112dB Redline Reverb
While many reverbs opt for convolution-charged ultra-realism or offer separate plate, hall and room algorithms, 112dB claims that its Redline Reverb takes a slightly different approach, with a single core algorithm that you can shape in a variety of ways. But is it really different enough from the competition to make it worthwhile?
Reverbs aren't exactly uncommon, so we'll focus here on what makes Redline Reverb interesting, with an emphasis on creating a virtual space.
Based as it is on sliders and knobs, the interface isn't going to win any innovative design awards. However, everything can be found quickly enough and, once there, you can choose from different types of knob/mouse response.
All the usual controls are here: high-/low-frequency damping, pre-delay, tail modulation, reverb decay times, space size, diffuse settings, bass/treble EQ and mix controls.
We love the logical way that it's all been laid out, though with the standard and vintage fascia colour schemes, it can sometimes be hard to make out some of the settings due to the font. The manual says more skins may become available, so let's hope they arrive soon.
On the plus side, however, the floating tool-tip windows make it very clear what you're hovering over.
The stereo balance controls for both the early reflections and the reverb tail are things not normally seen on a plug-in of this sort. Plus, if you decide that you don't like the new setting while turning a knob, you can easily snap back to the original value by moving it close by.
The main selling point of any reverb should be its sound, and one of the things that impresses us most about Redline Reverb is its musicality. It really enhances the material, rather than fighting for space with it.
It's perhaps not the most realistic unit we've ever heard, but complaining about that would be missing the point entirely. Like the top-end digital units of yesteryear, it just sounds gorgeous.
To demonstrate its abilities, place it on a vocal channel with its default settings, and you'll immediately get an effect reminiscent of an enhancer – only cleaner and sweeter than most!
A quick glance at Redline Reverb's presets shows what the creators were aiming for, with all but one of the categories named after classic Lexicon reverb units. The resulting sounds aren't far off the mark either, and while we'd hesitate to say that 112dB has entirely captured the magic of said hardware, there's certainly a similar style of reverb and warmth on offer here, and at a price and level of convenience that's hard to ignore.
But how did they achieve this sound? Well, it's all based on the algorithms of a couple of Reaktor ensembles called Rev-6 and Space Master, both created by Martin Zwartjes. These have been reworked and coded by hand, thus greatly reducing the CPU load, and it seems to have worked out nicely.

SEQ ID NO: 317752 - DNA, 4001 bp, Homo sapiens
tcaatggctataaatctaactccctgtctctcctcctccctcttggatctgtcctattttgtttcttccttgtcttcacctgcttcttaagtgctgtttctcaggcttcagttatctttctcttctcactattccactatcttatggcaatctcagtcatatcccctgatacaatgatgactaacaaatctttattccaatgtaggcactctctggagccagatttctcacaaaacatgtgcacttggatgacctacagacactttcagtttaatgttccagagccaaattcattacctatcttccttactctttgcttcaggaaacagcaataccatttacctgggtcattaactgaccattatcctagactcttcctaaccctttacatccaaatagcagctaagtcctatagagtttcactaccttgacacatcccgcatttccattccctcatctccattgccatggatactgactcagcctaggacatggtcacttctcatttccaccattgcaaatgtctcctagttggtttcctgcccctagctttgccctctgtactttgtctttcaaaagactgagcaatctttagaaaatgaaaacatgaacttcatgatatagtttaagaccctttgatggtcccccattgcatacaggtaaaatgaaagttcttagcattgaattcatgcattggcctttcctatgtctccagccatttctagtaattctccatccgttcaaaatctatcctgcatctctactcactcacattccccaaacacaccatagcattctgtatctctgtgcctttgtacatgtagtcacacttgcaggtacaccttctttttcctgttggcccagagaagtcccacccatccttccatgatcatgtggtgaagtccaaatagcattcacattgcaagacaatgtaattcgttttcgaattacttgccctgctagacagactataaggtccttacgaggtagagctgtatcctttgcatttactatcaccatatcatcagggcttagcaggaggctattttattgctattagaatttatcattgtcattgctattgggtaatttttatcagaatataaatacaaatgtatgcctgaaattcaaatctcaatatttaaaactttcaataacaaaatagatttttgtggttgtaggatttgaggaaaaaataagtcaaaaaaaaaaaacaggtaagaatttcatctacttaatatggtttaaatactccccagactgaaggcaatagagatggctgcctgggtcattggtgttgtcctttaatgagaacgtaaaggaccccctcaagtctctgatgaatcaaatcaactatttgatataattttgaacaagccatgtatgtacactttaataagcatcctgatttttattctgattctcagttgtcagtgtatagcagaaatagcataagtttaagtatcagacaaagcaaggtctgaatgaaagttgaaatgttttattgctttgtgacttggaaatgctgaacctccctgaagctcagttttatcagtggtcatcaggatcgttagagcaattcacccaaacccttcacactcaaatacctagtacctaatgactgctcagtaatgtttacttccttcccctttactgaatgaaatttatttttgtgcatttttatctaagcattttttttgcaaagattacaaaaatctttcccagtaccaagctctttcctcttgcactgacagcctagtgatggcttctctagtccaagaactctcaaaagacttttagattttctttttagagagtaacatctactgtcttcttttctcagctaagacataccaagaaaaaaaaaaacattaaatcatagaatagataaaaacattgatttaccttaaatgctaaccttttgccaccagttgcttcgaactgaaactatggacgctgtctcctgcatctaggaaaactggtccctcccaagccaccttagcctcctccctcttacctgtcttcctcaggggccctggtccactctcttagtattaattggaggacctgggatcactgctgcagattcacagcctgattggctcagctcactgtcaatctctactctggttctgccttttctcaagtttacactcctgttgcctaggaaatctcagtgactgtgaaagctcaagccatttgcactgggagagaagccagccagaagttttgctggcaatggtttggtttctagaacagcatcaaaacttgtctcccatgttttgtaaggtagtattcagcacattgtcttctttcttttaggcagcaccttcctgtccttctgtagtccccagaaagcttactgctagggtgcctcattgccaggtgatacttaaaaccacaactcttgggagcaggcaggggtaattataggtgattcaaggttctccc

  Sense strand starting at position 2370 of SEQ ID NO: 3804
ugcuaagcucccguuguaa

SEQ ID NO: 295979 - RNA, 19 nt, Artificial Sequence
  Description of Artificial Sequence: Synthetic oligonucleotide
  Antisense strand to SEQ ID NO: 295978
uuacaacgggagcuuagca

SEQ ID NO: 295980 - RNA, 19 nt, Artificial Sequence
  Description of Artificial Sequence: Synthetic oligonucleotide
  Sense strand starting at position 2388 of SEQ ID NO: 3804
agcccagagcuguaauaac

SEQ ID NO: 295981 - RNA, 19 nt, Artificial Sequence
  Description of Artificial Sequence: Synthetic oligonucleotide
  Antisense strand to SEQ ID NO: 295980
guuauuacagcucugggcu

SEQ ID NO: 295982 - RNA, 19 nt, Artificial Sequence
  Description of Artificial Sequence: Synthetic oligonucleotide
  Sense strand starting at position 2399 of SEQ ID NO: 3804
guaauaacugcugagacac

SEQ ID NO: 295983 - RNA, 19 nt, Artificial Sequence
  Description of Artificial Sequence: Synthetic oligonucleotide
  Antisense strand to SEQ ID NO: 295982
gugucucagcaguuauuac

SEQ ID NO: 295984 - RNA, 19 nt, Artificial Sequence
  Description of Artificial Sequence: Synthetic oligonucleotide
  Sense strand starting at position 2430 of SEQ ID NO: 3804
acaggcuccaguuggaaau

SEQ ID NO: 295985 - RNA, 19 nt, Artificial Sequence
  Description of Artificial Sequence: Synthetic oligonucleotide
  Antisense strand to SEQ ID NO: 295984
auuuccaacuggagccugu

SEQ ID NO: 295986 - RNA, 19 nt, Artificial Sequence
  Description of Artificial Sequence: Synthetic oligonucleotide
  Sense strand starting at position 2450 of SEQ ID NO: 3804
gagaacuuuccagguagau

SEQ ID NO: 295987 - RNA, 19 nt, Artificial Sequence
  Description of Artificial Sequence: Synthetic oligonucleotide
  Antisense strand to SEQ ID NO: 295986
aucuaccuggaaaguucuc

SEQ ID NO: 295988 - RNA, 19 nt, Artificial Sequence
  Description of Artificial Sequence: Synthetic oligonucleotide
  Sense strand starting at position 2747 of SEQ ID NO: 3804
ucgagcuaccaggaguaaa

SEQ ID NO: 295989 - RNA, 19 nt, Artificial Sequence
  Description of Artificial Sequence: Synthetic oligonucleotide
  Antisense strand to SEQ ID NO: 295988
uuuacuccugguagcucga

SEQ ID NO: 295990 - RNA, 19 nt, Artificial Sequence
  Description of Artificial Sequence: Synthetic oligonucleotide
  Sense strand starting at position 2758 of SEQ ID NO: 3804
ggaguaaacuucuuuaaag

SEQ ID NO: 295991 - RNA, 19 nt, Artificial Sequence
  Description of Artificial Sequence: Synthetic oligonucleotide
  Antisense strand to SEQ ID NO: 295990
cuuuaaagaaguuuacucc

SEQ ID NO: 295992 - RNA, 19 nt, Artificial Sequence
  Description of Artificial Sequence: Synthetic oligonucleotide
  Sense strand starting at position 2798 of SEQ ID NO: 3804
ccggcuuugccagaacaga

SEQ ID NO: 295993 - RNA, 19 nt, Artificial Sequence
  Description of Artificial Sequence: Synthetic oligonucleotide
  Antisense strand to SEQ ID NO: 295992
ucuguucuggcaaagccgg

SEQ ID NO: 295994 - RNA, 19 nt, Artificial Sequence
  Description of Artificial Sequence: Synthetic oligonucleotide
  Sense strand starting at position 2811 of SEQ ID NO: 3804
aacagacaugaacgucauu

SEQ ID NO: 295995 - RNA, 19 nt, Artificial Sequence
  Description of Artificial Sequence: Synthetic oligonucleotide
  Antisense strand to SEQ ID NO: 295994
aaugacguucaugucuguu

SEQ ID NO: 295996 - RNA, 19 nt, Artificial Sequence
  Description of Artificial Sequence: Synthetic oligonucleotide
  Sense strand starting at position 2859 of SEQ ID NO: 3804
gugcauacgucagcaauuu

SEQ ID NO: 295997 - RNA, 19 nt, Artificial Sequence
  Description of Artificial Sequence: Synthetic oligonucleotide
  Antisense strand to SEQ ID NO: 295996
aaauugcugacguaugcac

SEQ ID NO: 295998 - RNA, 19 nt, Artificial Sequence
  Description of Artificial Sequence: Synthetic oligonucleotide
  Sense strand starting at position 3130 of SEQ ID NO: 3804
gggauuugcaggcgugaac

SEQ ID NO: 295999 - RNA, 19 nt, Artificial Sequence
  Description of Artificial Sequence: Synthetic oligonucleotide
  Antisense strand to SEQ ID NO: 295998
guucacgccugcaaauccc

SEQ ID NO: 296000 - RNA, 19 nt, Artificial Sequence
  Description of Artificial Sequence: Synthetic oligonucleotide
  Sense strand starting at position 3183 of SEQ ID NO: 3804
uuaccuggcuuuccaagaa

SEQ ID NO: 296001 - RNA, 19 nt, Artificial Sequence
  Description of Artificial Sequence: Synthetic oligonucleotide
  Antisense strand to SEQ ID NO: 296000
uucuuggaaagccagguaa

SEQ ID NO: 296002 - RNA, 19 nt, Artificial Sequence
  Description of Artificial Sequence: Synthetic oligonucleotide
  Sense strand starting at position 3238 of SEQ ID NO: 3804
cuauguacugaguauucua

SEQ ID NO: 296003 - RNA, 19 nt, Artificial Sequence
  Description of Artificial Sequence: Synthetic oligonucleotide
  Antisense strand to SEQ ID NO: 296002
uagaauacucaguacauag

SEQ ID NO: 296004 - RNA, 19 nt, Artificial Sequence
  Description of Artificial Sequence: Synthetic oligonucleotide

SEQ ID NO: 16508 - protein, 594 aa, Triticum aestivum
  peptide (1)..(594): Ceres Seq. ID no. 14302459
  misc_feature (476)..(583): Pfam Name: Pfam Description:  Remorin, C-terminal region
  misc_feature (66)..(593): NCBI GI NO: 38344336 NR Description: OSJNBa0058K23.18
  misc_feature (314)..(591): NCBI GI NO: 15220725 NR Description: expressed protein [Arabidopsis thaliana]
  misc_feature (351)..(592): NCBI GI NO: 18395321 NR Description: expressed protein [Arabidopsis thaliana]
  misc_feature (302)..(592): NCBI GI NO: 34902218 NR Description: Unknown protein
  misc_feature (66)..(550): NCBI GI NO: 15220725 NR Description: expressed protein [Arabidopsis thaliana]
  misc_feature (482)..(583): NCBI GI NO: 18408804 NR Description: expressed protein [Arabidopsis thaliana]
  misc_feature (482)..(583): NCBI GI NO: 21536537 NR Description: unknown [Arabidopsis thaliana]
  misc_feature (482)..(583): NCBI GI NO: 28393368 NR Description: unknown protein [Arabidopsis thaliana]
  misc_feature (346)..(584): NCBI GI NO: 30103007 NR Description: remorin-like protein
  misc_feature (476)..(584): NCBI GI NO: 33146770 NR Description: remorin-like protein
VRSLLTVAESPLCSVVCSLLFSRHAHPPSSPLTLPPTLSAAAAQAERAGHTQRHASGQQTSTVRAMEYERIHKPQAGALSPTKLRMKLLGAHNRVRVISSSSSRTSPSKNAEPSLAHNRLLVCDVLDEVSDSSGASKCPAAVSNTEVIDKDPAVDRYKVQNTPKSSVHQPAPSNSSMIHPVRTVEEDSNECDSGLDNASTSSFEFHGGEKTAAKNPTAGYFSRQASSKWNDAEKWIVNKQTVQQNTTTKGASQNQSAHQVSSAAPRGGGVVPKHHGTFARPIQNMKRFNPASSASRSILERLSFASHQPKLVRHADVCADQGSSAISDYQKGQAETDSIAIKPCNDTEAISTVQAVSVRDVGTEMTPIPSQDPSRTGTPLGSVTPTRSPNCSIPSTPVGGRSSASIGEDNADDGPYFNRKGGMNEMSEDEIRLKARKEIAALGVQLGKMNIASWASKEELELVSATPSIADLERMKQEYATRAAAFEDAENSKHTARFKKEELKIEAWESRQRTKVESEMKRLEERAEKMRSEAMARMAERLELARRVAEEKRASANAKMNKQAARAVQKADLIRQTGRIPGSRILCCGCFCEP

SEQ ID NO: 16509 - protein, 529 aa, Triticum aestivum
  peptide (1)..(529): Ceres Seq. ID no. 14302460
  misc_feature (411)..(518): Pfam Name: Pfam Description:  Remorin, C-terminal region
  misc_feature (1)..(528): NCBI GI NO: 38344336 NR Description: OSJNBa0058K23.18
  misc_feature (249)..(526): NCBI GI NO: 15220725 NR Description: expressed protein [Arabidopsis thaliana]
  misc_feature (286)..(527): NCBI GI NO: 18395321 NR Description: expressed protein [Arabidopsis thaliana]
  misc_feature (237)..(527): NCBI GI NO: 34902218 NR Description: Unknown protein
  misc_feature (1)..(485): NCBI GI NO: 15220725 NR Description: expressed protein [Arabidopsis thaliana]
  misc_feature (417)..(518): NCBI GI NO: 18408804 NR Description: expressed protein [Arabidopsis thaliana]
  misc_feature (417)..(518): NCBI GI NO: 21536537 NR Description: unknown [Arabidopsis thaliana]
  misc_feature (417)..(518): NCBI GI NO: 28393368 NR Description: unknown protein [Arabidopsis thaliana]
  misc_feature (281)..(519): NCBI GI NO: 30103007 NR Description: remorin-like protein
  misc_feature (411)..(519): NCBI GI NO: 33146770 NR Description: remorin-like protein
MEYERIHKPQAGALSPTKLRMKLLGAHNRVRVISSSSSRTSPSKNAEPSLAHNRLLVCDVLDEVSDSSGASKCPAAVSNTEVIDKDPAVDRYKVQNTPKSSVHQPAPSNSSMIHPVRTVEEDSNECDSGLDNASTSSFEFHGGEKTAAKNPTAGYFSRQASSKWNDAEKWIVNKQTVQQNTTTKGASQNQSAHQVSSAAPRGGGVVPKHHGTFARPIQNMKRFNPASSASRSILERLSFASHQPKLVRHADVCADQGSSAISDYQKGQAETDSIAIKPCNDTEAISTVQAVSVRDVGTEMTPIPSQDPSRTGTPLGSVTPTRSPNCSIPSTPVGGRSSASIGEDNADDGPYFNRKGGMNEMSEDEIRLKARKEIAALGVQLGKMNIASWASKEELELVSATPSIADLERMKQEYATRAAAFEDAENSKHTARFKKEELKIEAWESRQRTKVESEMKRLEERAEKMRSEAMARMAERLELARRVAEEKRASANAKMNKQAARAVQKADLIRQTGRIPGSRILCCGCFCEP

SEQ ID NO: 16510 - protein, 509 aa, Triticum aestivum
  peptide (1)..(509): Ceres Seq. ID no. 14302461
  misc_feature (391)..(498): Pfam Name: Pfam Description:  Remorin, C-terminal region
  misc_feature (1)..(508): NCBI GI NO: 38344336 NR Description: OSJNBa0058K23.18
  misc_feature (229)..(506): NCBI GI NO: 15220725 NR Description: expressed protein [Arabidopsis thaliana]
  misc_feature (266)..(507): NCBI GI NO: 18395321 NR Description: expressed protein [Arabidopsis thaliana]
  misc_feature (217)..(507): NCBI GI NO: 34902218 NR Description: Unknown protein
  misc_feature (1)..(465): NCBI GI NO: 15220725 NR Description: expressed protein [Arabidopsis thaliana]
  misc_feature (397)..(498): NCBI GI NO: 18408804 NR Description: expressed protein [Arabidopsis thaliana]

On our 2GHz MacBook, for instance, we could run a dozen instances of Redline Reverb (using the default preset) before the sound started to crackle and break up.
We would argue that Redline Reverb is not so fundamentally different as its manual and press preamble would have you believe, but the results are far more important, and it's the sound that truly sets it apart. It really is indescribably warm and lush, with a sound-enhancing character, and by offering just one core algorithm with plenty of editing options, it's actually extremely versatile.
So, if you want something a little special that can spice up and enhance anything from leads and pads to vocals and effects, or that can be used as an upfront creative effect, make sure you get your hands on this one.
Hear Redline Reverb in action
Awesome sound. Easy on CPU. Comprehensive control set. MIDI learn. User-friendly, intuitive interface…
…But fonts could be clearer.
2009 is shaping up to be an expensive year for reverb-lovers, as this is another space-maker that you simply must try.
All MusicRadar's reviews are by independent product specialists, who are not aligned to any gear manufacturer or retailer. Our experts also write for renowned magazines such as Guitarist, Total Guitar, Computer Music, Future Music and Rhythm. All are part of Future PLC, the biggest publisher of music making magazines in the world.
AMD Athlon 800, AU/VST/RTAS host
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Apple Mac OS X 10.4 or later Apple Mac OS X 10.5 or later Microsoft Windows 2000 Microsoft Windows Vista Microsoft Windows XP
Mac or PC
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